A warning about a rare cancer that’s recently spiked in the United States.
While you think of melanoma as a rare cancer showing up on your skin, it’s also appearing in the eyes.
Dozens of women from Auburn University in Alabama were diagnosed recently with ocular melanoma.
Kendra Sutton grew up in Florida and was exposed to a lot of sun.
“This could be a byproduct of what I was doing as a young child, but now it’s coming out,” Sutton said.
After years of exposure, her doctor found a problem during a routine eye exam.
“My doctor said to me, I’m not here to scare you, I’m here to be proactive,” Sutton said. “I’ve located something on your retina.”
That something is a freckle on the back of her eye. If it’s let go, it can grow into a tumor and turn cancerous.
“You may have a freckle. You may not know about it,” said Dr. Jonathan Frantz. “That’s a risk factor for you to develop a melanoma.”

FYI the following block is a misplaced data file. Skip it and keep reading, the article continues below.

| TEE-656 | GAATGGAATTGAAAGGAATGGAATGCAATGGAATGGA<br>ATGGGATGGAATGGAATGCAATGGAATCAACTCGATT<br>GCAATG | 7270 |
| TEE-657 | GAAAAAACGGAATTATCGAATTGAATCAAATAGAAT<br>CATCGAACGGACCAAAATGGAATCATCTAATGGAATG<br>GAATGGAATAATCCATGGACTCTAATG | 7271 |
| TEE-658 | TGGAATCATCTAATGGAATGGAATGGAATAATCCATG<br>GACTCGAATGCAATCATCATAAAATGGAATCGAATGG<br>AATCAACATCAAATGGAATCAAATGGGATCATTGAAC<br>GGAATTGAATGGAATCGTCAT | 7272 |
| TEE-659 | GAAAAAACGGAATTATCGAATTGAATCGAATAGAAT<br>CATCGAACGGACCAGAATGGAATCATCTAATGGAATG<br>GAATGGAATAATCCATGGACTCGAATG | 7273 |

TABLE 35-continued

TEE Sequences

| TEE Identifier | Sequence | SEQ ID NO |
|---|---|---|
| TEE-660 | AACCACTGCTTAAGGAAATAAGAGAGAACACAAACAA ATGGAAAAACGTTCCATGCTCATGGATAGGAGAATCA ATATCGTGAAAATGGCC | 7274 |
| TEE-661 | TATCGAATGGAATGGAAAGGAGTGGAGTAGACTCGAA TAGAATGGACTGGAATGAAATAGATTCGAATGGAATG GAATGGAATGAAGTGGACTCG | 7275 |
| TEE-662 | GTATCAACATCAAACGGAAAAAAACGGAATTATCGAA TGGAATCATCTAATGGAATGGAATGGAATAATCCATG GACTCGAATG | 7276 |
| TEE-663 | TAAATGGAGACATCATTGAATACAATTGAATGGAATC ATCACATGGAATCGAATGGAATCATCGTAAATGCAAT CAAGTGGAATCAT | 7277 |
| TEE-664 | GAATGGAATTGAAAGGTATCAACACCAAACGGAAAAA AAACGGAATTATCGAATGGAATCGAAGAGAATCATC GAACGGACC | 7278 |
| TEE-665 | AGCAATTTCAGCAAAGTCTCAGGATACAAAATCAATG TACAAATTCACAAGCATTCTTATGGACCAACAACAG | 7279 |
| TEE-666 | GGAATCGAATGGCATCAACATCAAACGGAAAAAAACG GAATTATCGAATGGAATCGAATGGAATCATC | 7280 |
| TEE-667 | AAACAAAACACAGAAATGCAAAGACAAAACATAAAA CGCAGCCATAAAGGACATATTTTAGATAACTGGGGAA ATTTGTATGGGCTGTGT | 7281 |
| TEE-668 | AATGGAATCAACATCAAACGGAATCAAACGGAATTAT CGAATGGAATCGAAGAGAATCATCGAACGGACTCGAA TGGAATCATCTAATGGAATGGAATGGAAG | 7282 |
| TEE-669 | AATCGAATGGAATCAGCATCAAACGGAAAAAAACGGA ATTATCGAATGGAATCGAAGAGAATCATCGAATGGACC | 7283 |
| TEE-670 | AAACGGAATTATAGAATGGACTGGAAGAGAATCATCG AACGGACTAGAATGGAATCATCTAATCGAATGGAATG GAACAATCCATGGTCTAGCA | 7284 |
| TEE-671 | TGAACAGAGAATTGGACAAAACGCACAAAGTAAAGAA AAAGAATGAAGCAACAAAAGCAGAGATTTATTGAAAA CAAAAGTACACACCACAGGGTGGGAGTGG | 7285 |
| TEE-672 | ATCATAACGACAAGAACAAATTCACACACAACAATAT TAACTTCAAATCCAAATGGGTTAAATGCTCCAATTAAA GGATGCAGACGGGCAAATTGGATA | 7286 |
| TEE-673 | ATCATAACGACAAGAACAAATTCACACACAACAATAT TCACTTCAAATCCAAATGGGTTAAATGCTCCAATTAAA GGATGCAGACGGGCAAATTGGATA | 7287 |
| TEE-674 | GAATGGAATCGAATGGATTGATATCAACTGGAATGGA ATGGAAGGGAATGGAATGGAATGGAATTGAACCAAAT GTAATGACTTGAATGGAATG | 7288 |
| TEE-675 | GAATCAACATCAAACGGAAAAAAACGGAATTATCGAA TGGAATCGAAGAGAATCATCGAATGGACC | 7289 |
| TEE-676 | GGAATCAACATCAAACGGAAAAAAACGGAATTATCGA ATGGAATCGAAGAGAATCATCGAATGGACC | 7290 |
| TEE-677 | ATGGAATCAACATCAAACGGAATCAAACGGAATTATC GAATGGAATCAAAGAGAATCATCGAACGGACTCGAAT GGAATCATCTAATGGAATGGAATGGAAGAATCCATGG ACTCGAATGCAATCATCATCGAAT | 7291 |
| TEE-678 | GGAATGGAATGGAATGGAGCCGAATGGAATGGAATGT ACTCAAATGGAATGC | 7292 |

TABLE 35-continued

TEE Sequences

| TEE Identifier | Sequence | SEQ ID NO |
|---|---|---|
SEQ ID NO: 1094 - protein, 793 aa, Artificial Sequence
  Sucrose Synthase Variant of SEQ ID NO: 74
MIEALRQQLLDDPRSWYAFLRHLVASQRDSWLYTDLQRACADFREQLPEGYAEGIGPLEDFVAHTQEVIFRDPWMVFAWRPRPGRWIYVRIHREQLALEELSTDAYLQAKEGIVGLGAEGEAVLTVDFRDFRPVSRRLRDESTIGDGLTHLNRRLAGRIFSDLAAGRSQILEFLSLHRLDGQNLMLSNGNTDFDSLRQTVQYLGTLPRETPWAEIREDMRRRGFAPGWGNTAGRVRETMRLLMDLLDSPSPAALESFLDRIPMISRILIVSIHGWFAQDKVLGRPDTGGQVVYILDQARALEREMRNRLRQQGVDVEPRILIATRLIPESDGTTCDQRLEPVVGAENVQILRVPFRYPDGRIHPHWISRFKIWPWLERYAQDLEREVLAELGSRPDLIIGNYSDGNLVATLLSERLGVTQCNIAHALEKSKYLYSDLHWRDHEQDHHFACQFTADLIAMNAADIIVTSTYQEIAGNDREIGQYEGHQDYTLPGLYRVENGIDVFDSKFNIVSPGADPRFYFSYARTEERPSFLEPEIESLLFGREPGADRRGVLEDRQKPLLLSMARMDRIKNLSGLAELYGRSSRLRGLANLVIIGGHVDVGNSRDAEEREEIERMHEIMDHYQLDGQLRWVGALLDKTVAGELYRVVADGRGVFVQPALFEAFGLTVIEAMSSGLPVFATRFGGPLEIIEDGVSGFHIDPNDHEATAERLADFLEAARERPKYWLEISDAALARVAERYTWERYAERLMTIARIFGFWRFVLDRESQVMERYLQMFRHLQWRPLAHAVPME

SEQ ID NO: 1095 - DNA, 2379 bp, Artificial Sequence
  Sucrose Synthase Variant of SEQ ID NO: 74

Frantz helped Sutton get treatment for the growth on her eye before it turned into melanoma.
“The earlier it can be detected, the better it can be treated,” Frantz said.
Dr. Frantz said about 5 percent of the population has a freckle on their eye, but only six out of one million people develop eye cancer because of it, according to Dr. Frantz.
Although it’s rare, Dr. Frantz said getting your eyes checked regularly is a must.
“It’s important for people to recognize that many times there are no symptoms whatsoever,” Dr. Frantz said.
“I’d rather be doing these checks and have nothing happen than do nothing and have something happened,” Sutton said.
Doctors say sunscreen on your skin coupled with hats and sunglasses to block the sun from your eyes can go a long way toward preventing ocular melanoma.
WINK News wants to let you know Sutton is an employee here at Fort Myers Broadcasting Company in the sales department, and Dr. Frantz is one of her clients. Typically, WINK News would not report on an employee or client. However, this type of eye cancer, if left untreated can be fatal. WINK News thought it would be in the public interest to raise awareness of the potentially deadly form of cancer.